911 call center01.jpg

Operations Manager Ann Weller talks to colleague Brett Fassnacht inside the Lancaster County-wide Communications building in Manheim on Thursday, Dec. 14, 2017. The county's 911 call center is having trouble hiring and retaining dispatchers because of low wages.

Lancaster County’s 911 center has seen a 10 percent increases in dispatches over the past five years.

The Manheim-based center is the hub of all emergency calls made in Lancaster County. Dispatchers are responsible for taking 911 calls and alerting the necessary police, fire and EMS crews where they are needed and for what purpose.

Seventy-five percent of the 439,691 dispatches were for police. Nineteen percent were for EMS, and six percent were for fire.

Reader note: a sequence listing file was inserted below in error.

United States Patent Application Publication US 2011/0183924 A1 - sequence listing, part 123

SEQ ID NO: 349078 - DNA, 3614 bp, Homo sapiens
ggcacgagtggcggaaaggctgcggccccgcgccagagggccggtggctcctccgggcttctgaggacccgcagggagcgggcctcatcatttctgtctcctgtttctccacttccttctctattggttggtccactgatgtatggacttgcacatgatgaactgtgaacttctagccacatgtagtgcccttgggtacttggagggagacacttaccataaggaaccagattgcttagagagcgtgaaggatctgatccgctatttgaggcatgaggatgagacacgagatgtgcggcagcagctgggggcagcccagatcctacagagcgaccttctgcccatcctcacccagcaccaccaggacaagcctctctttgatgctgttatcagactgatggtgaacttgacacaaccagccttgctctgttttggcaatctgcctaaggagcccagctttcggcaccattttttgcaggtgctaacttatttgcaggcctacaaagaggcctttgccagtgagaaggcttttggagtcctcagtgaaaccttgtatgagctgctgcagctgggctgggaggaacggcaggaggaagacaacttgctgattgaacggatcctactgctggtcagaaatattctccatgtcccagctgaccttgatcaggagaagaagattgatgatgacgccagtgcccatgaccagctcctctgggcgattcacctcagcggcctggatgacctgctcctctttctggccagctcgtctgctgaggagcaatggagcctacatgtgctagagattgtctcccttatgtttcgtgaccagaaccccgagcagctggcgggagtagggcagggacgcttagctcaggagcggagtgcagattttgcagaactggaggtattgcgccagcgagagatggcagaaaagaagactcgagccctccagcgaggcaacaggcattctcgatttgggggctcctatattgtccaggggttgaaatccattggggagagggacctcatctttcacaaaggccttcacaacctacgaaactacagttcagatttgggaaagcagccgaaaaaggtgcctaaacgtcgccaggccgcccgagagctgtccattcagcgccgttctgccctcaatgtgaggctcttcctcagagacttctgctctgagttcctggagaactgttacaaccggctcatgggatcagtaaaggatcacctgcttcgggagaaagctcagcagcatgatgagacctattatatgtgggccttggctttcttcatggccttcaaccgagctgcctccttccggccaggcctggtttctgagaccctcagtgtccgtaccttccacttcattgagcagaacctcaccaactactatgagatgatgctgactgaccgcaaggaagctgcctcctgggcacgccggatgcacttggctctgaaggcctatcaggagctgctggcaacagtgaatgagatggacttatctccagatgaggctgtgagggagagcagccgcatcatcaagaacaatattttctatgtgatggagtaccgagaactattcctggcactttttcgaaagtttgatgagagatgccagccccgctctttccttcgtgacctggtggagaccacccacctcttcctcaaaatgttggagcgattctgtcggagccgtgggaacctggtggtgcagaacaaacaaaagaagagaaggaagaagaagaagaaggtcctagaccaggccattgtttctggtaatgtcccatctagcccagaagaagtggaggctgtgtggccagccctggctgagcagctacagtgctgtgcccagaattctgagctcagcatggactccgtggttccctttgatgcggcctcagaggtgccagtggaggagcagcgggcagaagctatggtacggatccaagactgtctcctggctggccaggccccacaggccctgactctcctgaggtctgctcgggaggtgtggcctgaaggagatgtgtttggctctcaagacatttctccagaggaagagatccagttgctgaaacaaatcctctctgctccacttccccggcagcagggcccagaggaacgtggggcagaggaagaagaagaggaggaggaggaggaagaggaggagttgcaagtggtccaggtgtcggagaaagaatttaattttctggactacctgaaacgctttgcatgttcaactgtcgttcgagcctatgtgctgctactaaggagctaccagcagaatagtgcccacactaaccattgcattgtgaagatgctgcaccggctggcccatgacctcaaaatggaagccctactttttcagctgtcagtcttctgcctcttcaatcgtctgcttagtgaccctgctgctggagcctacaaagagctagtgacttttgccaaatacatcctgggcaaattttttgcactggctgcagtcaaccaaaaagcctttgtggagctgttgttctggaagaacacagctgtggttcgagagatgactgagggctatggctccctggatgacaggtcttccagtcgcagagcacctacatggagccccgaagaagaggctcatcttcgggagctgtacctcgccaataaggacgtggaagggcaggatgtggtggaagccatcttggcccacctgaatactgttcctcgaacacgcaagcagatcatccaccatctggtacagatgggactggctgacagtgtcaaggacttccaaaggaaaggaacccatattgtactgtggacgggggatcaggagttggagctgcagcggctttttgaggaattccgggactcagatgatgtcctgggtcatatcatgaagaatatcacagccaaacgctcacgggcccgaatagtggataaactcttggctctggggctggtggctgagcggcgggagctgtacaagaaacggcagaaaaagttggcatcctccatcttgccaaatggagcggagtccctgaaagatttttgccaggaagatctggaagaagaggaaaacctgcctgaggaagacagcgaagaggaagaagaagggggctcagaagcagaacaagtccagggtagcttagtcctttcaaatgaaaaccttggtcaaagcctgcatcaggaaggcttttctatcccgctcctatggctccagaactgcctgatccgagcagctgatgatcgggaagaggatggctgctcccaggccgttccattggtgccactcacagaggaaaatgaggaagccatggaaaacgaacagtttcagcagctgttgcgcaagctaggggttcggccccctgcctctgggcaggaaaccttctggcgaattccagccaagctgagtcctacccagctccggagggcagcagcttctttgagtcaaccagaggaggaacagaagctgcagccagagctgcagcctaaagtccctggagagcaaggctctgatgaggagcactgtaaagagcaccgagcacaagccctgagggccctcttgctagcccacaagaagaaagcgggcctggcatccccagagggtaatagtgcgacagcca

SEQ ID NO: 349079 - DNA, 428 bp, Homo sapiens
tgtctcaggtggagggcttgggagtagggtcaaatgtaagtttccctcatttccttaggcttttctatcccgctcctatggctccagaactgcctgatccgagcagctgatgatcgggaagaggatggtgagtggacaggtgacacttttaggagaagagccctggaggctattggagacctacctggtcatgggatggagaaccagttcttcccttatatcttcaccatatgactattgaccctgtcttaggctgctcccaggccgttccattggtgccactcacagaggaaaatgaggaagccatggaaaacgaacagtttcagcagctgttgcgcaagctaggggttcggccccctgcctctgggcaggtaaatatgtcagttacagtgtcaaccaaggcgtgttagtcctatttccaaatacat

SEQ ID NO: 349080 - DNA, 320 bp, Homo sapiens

Ann Weller isn’t surprised that the 2017 data show EMS crews responded to 35 percent more overdoses than the year before.

“There’s been a definite increase in overdoses,” said Weller, the operations manager at Lancaster County-Wide Communications.

The increase in dispatches overall an be attributed to increase in population and increase in number of people traveling through the county.

“That’s pretty incredible,” Weller said, noting that the center services all of Lancaster County. 

“The dispatch staff does a tremendous job,” Weller said.

One number that dropped is the total calls made to 911 — almost 5 percent less than last year. That, Weller said, could be because of texts to 911 or calls mistakenly placed with CrimeStoppers, the county’s crime tip service, rather than 911.

Average daily ...

  • 911 calls: 588
  • Police dispatches: 906
  • EMS dispatches: 234
  • Fire dispatches: 65

Busiest month:


Busiest day of the week:


Busiest hour:

3-4 p.m.

View the full report from Lancaster County-Wide Communications.

What to Read Next